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updated: 11/22/2013 2:12 PM

Naperville named top U.S. city for early retirees

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  • The 1.75-mile Naperville Riverwalk is one of the amenities highlighted by a Kiplinger magazine report that named Naperville the top city in the nation in which to retire early.

      The 1.75-mile Naperville Riverwalk is one of the amenities highlighted by a Kiplinger magazine report that named Naperville the top city in the nation in which to retire early.
    Daily Herald file photo

 
 

Naperville can add "No. 1 place in the country to retire early" to its list of national "best city" accolades.

The city has been named the kid-friendliest place in the country in the past and earned the title of country's best library system several years in a row. Now Kiplinger magazine has named Naperville the best city in which to retire early.

The magazine's rankings, compiled by data aggregator FindTheBest identified "economically healthy cities where early retirees should be able to work (if they choose) and prosper during their second acts."

Naperville bested nine others on the list, which included Cary, N.C.; Alexandria, Va.; Sandy Springs, Ga.; Sioux Falls, S.D.; Bellevue, Wash.; Peoria, Ariz.; Midland, Texas; Virginia Beach, Va.; and Honolulu, Hawaii.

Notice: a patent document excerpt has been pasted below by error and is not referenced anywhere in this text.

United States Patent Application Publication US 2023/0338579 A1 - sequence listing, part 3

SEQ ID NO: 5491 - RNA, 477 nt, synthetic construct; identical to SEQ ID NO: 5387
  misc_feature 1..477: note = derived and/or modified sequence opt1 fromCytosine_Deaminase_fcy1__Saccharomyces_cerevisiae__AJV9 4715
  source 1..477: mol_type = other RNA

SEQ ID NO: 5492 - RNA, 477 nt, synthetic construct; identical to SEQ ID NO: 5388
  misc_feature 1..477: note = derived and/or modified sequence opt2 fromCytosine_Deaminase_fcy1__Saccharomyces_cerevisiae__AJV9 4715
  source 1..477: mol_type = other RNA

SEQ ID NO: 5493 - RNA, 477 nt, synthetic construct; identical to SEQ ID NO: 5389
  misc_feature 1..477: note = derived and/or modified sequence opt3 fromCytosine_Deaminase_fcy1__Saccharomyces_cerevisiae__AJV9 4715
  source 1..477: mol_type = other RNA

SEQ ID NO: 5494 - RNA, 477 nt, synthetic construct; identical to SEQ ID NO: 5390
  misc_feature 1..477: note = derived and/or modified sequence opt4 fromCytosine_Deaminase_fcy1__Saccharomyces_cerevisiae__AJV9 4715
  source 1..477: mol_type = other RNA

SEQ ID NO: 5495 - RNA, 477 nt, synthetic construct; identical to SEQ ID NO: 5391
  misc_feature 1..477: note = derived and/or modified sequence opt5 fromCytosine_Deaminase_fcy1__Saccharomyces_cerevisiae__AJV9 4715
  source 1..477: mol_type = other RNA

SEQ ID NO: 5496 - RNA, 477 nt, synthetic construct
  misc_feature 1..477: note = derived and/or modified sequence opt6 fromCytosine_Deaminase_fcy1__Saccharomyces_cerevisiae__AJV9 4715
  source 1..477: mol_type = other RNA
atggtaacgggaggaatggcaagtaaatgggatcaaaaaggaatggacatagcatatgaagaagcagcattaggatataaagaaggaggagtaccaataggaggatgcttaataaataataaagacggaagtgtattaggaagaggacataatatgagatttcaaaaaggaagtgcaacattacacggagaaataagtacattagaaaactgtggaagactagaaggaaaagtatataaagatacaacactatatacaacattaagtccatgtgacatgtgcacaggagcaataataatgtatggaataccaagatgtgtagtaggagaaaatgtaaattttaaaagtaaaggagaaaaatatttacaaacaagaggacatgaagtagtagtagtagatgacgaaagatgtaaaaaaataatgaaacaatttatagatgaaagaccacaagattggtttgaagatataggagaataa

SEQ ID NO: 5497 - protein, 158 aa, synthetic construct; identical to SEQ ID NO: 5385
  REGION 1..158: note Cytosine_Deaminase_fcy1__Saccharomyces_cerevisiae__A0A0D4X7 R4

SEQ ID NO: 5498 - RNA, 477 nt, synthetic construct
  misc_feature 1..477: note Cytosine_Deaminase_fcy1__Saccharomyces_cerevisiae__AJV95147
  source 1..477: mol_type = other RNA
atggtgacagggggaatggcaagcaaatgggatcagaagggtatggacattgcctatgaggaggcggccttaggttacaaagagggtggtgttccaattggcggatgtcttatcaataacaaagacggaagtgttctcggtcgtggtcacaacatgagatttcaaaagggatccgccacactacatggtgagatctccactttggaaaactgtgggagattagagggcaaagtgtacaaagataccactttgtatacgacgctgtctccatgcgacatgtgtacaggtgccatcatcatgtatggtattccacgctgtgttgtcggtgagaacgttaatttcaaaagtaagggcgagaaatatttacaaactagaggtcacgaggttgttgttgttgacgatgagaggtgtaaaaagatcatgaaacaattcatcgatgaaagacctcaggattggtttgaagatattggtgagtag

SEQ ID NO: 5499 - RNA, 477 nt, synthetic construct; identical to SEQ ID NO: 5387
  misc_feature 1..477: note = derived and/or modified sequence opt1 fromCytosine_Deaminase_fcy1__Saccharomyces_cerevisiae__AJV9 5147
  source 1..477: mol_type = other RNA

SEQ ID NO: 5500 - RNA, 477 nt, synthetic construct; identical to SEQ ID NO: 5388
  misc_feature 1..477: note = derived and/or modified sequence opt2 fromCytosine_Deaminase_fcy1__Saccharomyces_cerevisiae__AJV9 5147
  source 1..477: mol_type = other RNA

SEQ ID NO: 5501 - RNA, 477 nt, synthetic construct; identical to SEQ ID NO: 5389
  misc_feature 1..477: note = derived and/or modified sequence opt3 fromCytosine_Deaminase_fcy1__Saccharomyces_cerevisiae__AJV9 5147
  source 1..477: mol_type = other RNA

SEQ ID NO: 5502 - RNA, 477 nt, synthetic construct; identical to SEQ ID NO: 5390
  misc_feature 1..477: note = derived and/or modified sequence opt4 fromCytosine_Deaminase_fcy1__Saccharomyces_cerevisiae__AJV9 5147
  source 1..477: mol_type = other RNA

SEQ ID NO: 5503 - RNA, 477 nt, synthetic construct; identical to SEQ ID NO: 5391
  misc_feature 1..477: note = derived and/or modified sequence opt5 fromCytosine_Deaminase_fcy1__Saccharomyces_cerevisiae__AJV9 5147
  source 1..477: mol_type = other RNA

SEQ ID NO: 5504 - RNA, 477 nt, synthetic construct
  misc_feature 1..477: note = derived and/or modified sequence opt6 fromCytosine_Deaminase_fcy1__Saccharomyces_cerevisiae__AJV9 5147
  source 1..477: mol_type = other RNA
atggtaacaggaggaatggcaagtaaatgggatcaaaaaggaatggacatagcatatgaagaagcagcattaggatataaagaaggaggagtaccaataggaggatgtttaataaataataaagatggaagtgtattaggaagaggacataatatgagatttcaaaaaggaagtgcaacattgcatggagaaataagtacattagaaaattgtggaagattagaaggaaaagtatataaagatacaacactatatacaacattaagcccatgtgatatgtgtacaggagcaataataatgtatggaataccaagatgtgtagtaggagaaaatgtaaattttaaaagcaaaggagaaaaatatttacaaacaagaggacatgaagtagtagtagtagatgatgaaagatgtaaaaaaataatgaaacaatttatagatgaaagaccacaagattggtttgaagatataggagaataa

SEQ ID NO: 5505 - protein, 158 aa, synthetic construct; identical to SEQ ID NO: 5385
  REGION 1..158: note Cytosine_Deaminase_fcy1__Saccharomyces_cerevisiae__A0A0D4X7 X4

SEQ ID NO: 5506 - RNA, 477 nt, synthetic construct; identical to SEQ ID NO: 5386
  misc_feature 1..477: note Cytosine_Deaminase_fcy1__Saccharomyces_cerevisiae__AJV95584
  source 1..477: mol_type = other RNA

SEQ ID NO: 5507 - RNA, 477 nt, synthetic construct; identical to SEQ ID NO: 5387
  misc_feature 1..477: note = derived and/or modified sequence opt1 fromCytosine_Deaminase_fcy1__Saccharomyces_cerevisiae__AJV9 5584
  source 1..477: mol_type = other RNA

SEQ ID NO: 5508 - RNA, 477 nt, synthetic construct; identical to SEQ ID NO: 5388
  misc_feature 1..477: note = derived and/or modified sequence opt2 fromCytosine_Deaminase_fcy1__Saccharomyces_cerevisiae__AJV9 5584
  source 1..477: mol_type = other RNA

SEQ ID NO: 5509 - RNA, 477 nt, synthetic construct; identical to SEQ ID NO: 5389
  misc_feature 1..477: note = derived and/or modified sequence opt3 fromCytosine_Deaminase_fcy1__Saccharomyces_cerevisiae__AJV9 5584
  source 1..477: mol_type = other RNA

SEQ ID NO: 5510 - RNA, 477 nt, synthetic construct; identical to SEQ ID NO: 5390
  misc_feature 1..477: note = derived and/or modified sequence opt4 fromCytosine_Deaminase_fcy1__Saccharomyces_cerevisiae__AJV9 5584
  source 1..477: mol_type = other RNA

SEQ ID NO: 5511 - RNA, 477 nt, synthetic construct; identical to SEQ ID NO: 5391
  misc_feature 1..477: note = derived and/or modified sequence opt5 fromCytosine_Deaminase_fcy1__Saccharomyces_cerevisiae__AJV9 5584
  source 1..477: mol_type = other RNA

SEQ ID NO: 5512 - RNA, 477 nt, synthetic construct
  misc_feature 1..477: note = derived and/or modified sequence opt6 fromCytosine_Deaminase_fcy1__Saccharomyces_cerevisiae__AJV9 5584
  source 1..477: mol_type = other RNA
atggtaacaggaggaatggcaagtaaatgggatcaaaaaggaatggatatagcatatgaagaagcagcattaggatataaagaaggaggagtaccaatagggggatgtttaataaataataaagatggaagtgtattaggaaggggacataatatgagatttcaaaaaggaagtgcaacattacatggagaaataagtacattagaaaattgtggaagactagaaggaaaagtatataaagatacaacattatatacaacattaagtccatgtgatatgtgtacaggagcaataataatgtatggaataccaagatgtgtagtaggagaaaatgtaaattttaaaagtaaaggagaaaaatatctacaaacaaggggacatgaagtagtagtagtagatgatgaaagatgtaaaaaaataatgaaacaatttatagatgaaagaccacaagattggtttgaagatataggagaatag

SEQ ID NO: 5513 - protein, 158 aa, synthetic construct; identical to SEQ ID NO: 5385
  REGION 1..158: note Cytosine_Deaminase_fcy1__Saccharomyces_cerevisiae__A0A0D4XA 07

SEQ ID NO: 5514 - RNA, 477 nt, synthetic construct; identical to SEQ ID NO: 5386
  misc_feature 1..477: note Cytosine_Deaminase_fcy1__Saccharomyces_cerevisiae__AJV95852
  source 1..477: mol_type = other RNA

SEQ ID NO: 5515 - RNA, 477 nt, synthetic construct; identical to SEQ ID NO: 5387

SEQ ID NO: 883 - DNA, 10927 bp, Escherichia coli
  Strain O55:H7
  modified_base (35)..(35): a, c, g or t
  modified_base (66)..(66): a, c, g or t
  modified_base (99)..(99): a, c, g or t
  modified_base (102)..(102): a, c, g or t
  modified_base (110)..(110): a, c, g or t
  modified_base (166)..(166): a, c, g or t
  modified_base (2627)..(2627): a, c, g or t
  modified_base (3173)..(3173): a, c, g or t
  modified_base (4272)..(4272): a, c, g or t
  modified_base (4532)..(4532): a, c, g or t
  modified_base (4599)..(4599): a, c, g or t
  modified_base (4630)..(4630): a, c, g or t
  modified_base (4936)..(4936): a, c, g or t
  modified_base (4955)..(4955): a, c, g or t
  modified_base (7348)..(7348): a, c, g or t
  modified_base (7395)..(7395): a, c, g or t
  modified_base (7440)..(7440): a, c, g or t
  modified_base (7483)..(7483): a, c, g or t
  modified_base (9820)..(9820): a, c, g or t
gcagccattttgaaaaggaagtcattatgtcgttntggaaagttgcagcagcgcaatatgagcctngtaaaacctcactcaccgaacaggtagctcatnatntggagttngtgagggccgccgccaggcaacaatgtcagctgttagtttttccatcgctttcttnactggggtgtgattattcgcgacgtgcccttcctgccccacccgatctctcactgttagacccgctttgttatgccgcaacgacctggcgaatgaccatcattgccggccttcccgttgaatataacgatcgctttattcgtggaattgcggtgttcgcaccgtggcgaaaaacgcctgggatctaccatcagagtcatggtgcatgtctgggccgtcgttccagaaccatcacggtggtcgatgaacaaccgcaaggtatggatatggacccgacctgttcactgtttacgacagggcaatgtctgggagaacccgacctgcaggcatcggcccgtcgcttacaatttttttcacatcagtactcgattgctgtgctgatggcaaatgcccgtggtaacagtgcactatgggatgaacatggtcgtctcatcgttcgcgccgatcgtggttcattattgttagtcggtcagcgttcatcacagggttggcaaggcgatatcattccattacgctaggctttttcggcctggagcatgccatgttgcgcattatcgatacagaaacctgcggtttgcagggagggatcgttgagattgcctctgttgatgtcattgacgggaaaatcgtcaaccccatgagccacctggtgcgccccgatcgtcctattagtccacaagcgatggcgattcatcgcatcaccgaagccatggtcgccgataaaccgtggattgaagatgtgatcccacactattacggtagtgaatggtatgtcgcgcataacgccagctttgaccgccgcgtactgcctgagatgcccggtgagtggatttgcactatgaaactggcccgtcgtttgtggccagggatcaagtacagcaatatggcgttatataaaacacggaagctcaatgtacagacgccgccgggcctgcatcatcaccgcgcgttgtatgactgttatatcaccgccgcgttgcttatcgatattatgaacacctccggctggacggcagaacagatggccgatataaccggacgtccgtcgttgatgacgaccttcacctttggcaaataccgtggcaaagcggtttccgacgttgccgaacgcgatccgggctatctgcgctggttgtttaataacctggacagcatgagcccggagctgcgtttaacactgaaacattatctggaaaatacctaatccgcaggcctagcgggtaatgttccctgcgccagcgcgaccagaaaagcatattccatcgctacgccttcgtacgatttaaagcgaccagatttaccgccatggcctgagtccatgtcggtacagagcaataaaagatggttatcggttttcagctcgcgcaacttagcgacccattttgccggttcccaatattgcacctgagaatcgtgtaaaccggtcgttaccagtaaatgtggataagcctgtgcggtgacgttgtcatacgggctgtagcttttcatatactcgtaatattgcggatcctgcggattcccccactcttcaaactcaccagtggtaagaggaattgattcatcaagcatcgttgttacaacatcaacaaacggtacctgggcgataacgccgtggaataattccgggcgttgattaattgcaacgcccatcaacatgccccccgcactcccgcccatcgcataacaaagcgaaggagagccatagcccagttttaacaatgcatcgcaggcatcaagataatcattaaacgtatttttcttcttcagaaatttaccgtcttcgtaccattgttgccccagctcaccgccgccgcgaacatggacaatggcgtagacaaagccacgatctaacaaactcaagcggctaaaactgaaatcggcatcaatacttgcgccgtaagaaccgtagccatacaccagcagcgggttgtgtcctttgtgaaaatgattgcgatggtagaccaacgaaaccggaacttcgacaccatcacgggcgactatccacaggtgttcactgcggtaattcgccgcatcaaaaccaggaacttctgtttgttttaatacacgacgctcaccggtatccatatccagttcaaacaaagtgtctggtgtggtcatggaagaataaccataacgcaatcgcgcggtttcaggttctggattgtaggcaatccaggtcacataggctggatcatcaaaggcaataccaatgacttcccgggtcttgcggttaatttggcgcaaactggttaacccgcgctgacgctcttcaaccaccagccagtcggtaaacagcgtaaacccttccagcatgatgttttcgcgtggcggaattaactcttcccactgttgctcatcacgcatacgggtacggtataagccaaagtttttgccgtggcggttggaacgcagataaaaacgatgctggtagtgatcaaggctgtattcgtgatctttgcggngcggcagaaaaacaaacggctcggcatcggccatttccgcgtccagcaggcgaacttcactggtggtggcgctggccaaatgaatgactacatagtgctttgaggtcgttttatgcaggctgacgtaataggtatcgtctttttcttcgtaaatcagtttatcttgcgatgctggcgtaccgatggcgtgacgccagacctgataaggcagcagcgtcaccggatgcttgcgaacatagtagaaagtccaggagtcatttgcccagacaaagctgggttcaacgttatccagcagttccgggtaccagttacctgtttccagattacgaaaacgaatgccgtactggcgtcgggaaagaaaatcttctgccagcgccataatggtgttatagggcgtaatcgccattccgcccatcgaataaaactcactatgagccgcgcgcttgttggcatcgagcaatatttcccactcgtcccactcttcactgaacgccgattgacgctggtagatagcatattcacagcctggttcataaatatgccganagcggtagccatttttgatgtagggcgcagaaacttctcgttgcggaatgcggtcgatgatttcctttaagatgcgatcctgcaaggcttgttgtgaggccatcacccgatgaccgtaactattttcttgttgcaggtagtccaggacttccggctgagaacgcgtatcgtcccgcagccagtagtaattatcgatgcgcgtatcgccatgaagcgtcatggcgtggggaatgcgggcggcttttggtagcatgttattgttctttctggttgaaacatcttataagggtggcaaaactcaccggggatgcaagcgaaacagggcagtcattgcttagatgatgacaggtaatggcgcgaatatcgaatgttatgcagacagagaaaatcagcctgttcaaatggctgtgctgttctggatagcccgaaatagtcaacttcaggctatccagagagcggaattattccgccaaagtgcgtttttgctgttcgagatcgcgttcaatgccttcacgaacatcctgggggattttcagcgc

"We're thrilled to come up as the No. 1 community for early retirement in the Kiplinger's article," Naperville City Manager Doug Krieger said. "We've got a great community and sometimes take for granted the safety of our town and the public amenities."

Rankings were determined based on crime rate, cost of living, the state's tax picture and the percentage of the city's population between 45 and 64 years old.

FindTheBest determined the city's percentage of residents between ages 45 and 64 was the highest of all 10 cities on the list at 28 percent, and Naperville had the second-lowest crime rate among listed communities at 1.66 crimes for every 100 residents.

Kiplinger also recognized Naperville's access to Chicago by the Metra Burlington Northern Santa Fe rail line, its downtown full of shops and restaurants and the 1.75-mile Riverwalk.

"From our perspective, it's great," Naperville Riverwalk Commission Chairman Jeff Havel said about the early retiree-friendly recognition.

"You see people of all ages out there" on the Riverwalk, Havel said. "We're always looking at making it more accessible for people, too. It's not only people with disabilities, but people that might have trouble walking as they get older."

Kiplinger rated Illinois' retiree tax picture as mixed and cautioned people to budget for the combined 7.25 percent sales tax rate in the city. But the magazine said all 10 cities on the list are places where people can stretch their nest eggs and make the dream of early retirement a reality.

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